A meniscus tear is a common knee injury. The meniscus is cushion of the knee, which protects the cartilage and prevents development of osteoarthritis.
Each knee has 2 menisci (plural of meniscus)-one at the outer portion of the knee and one at the inner edge.
The menisci keep your knee steady by equalization your weight across the knee.
A torn meniscus can stop your knee from functioning right.
Meniscus Repair Surgery is a procedure to repair torn knee cartilage. There are surgical and non-surgical treatments for Meniscus repair depending upon the case.
Types of Meniscus Repair Surgery
Depending upon the intensity of the tear, which can be mild (grade1, 2) or severe (grade 3), basis the condition of the patient the doctor will choose to do any of the following:
In this procedure, the doctor makes small cuts in knee and then inserts an arthroscope to have a clear view of the tear. Then a small device is placed that seem like a dart on the tear to sew it up and then the body will absorb these over time.
- Arthroscopic partial meniscectomy.
In this procedure the doctor will remove a piece of the torn meniscus so the patient’s knee can function normally.
- Arthroscopic total meniscectomy.
During this procedure, the doctor will remove the whole meniscus.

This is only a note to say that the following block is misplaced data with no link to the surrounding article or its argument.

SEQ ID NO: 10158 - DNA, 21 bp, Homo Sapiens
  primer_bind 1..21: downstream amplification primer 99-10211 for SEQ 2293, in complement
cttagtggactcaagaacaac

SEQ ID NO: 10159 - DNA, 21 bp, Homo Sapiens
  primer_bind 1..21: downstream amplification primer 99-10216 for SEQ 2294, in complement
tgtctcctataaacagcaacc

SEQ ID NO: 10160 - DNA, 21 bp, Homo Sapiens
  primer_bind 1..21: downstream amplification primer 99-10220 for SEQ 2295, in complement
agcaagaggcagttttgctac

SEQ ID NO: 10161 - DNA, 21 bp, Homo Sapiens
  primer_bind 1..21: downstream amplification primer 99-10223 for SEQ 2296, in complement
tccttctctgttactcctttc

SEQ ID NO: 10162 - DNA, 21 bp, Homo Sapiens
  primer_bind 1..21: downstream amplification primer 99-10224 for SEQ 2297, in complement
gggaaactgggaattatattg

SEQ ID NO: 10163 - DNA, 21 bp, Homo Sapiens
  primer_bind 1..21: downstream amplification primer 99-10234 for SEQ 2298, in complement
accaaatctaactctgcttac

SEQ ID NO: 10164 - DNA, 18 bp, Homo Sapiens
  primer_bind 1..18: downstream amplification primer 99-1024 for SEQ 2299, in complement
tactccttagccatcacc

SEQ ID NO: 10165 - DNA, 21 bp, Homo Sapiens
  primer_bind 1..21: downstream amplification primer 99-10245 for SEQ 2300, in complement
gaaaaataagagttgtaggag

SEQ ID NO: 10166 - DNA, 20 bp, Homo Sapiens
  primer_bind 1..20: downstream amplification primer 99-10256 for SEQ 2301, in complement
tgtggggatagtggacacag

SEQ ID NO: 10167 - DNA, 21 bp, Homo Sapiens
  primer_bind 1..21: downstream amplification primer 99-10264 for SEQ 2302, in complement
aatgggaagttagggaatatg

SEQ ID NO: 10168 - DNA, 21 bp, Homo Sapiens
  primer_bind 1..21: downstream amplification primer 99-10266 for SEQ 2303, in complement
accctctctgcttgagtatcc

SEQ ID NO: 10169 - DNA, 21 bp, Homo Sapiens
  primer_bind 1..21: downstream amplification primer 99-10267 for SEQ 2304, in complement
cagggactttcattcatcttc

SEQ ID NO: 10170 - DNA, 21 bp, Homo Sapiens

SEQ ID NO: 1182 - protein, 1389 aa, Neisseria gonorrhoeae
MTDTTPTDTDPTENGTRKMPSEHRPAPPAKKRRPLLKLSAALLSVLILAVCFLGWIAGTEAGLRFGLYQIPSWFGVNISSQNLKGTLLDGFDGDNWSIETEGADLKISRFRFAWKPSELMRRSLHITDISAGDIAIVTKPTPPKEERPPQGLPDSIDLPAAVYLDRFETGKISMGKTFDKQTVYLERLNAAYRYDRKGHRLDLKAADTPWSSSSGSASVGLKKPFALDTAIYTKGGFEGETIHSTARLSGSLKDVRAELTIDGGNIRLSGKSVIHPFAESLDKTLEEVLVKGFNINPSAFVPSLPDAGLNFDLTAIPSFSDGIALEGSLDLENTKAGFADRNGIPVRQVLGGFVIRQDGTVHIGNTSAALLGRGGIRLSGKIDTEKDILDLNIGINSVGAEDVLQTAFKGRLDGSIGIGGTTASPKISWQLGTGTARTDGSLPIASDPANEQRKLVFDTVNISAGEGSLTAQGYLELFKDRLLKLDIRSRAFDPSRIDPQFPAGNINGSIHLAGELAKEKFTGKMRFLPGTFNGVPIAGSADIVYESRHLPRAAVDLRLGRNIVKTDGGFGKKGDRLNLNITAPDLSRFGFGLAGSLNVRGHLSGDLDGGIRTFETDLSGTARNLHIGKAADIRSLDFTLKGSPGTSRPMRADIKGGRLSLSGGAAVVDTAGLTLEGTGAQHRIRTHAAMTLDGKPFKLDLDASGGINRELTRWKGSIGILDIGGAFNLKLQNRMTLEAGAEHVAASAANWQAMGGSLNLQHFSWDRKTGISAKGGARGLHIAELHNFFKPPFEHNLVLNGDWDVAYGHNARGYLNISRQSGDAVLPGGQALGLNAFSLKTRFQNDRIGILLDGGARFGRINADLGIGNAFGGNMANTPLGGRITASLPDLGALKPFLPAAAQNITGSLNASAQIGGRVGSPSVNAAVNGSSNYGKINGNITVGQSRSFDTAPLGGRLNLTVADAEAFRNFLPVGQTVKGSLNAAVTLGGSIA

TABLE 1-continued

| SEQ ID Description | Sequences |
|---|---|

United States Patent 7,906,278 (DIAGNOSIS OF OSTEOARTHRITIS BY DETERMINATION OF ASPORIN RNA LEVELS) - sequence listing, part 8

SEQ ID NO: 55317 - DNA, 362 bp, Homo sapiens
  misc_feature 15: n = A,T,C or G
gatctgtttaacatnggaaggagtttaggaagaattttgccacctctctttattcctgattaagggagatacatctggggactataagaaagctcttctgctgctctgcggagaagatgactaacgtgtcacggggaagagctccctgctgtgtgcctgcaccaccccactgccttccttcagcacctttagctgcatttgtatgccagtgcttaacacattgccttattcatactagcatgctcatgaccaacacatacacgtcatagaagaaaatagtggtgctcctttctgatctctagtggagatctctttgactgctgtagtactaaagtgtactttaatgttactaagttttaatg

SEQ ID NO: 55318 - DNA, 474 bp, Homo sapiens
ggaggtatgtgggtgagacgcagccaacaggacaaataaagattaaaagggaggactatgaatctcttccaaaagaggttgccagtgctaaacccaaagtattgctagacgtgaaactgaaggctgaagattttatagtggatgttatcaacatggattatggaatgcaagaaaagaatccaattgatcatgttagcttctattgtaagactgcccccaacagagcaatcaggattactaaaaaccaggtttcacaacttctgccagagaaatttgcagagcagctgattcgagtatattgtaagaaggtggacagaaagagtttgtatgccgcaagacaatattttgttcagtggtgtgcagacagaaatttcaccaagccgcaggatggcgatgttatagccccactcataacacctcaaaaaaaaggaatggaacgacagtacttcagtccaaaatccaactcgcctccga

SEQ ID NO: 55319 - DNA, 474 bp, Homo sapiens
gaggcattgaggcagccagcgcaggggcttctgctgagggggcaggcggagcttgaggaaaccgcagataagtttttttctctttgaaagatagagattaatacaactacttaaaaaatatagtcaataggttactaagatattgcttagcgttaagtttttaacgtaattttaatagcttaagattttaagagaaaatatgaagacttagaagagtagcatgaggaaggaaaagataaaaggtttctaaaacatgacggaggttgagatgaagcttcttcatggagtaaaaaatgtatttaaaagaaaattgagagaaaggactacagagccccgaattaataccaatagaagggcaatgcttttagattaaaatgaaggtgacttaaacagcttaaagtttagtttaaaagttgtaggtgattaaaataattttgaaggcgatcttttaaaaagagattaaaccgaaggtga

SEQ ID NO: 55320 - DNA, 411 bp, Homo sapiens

Patients who require the surgery
If tear is small and on the outer edge of the meniscus, patient may not require surgical repair. As long as symptoms like excessive pain, swelling, unable to make knee movements, cracking sound or sensation does not persist and your knee is stable, nonsurgical treatment may be all you need. RICE.
The RICE protocol is effective for many sports-related injuries.
RICE stands for Rest, Ice, Compression, and Elevation.
If symptoms persist with nonsurgical treatment, then one should go for Meniscus Repair minimally invasive surgery.
Benefits of Meniscus Repair Surgery
Minimally Invasive surgery can help to diagnose the pain associated with meniscal tears and is stands out amongst the most prevalent types of treatment when the pain is serious and happens regularly. If the menisci are damaged, the knee can become unbalanced and may result in arthritis. Surgical procedure may give the best option in contrast to safeguarding the knee from further harm and later issues.
Some key advantages of this sort of surgery are relief from pain and improvement in movement. A repair for meniscal tears with arthroscopic surgery is a safe procedure, which allows the patients to maintain comfortable active lifestyle.
The risks of treatment for meniscal tears
There may be some complications associated with surgery for meniscal tears, including unforeseen complications with anesthesia, such as respiratory or cardiac malfunction.
Infections could result from surgery, in addition to injury to nerves and blood vessels, fracture, weakness, stiffness or instability of the joint, pain, inability to repair the meniscus, repeated rupture of the cartilage, or the need for additional surgeries.
Patients ought to be made aware that not all meniscal tears are fixable.